He caught it! The stadium erupted in waves of disbelief and torrential screams of victory. We won! We won! We're number one! The champions!

Glen and his wife grabbed each other and jumped for joy in a hopping happy dance. Hometown would be party town tonight.


Two different styles, different approaches to writing the same scene. And of course you can go anywhere in between. Which style do you like best, and why, and for which kinds of scenes do you think fast pace is better than slow pace and visa versa?


Posted by Marvin D Wilson, author of:
I Romanced the Stone, Owen Fiddler, and Between the Storm and the Rainbow.
Marvin blogs at Free Spirit and Tie Dyed Tirades.
He is an editor with All Things That Matter Press and does freelance editing.

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  1. Scene one held me captive with its writing because I was there.

  2. scene two was more to my style. nice tight writing, which still gave a good sense of excitment.

  3. Christine, yes - that's the idea. Glad that writing had the intended effect on you.

    Ann, also yes ... sometimes the quickly moving "tight" style is best. It always depends on what the author is trying to accomplish and also on what kind of scene it is.

  4. I liked the second version. Tighter, more tension. The first version seemed to drag on and on too long for me.

    Thanks Marvin. Another great post.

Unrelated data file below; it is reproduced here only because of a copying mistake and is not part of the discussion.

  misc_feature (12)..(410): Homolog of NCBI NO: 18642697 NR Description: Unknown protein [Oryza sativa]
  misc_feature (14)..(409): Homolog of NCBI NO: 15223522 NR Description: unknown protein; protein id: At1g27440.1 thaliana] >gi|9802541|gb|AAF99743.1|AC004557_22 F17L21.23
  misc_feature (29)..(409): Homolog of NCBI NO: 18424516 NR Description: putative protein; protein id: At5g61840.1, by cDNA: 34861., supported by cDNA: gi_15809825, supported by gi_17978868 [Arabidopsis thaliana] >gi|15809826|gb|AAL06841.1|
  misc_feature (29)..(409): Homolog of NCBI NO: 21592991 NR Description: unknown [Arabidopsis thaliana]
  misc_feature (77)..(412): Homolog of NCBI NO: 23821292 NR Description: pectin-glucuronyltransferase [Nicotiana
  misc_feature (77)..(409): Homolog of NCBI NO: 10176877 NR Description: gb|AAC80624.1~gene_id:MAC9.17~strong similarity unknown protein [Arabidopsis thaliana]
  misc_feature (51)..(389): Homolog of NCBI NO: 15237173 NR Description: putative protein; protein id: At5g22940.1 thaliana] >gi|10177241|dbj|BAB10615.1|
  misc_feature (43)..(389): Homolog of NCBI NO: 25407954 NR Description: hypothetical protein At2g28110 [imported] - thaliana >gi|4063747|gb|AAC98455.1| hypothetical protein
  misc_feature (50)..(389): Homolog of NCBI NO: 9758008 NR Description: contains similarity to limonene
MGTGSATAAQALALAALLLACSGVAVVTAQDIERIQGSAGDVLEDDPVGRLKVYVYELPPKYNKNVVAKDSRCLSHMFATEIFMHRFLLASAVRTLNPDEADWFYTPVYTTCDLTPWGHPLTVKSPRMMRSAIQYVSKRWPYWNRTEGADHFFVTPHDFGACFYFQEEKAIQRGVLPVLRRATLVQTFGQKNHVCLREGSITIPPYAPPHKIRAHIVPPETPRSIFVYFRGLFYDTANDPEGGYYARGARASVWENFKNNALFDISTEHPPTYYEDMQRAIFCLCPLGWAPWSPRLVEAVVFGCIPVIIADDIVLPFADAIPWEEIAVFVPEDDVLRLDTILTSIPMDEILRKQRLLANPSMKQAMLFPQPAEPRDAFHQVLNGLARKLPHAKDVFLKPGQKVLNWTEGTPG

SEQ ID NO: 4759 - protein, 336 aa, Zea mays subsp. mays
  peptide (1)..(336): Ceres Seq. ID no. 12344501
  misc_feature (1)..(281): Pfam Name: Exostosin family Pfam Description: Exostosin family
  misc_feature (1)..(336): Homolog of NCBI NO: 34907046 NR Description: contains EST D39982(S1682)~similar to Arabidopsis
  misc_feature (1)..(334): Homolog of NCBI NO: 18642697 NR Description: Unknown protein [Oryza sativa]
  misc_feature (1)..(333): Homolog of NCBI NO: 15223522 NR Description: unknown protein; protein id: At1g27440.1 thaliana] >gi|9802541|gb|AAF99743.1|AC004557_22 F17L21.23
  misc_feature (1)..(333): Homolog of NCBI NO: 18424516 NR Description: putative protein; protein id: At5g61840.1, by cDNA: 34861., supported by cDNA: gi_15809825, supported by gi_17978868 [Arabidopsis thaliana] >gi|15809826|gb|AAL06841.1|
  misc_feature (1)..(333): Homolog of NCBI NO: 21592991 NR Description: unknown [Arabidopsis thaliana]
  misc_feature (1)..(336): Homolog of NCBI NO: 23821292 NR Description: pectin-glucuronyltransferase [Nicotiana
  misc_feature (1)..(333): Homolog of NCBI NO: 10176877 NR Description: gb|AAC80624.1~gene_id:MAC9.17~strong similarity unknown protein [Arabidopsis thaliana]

5. I loved the first scene--it was well written and put me in the moment scene by scene! Excellent examoples!

  6. I thought scene two was better. Scene one was over-the-top for me... indulgent writing that took away what was supposed to be a few seconds and drew out. Because of that, it didn't flow in a scene that demanded heart-racing pace.

  7. Helen, thanks - means a lot coming from you. :)

    Terri and Anonymous - see, it just goes to show you can't please everyone with your book! LOL.

    I tend to like the 2nd version myself for this type of scene - fast paced win or lose highly tense moment. The first style of writing works best in say, a passionate romantic scene or a main character's lonely heart walk through the park.

    But again, different strokes for different folks.

  8. I guess my addiction to Willa Cather and Wilkie Collins shows--I love drawn out stuff, but I know I have to keep the writing tight in my genre.

  9. I like description, too, but it depends on what is being described. In this case, shorter is better. ;)

    Now I'm going to sign in and jump through Captcha hoops. Is this irritating me? Yes. I can't get rid of it.


  10. Saw your tweet. I like #2 myself. No patience for the lengthier style.
    Karen W.

  11. I liked them both!

    But as a children's author, #2 made the cut for me. And gave me a lesson in brevity for the impatient kid reader.



The Blood-Red Pencil is a blog focusing on editing and writing advice. Some of our contributors are editors, some are authors, and some are writing sheep. Yes, sheep.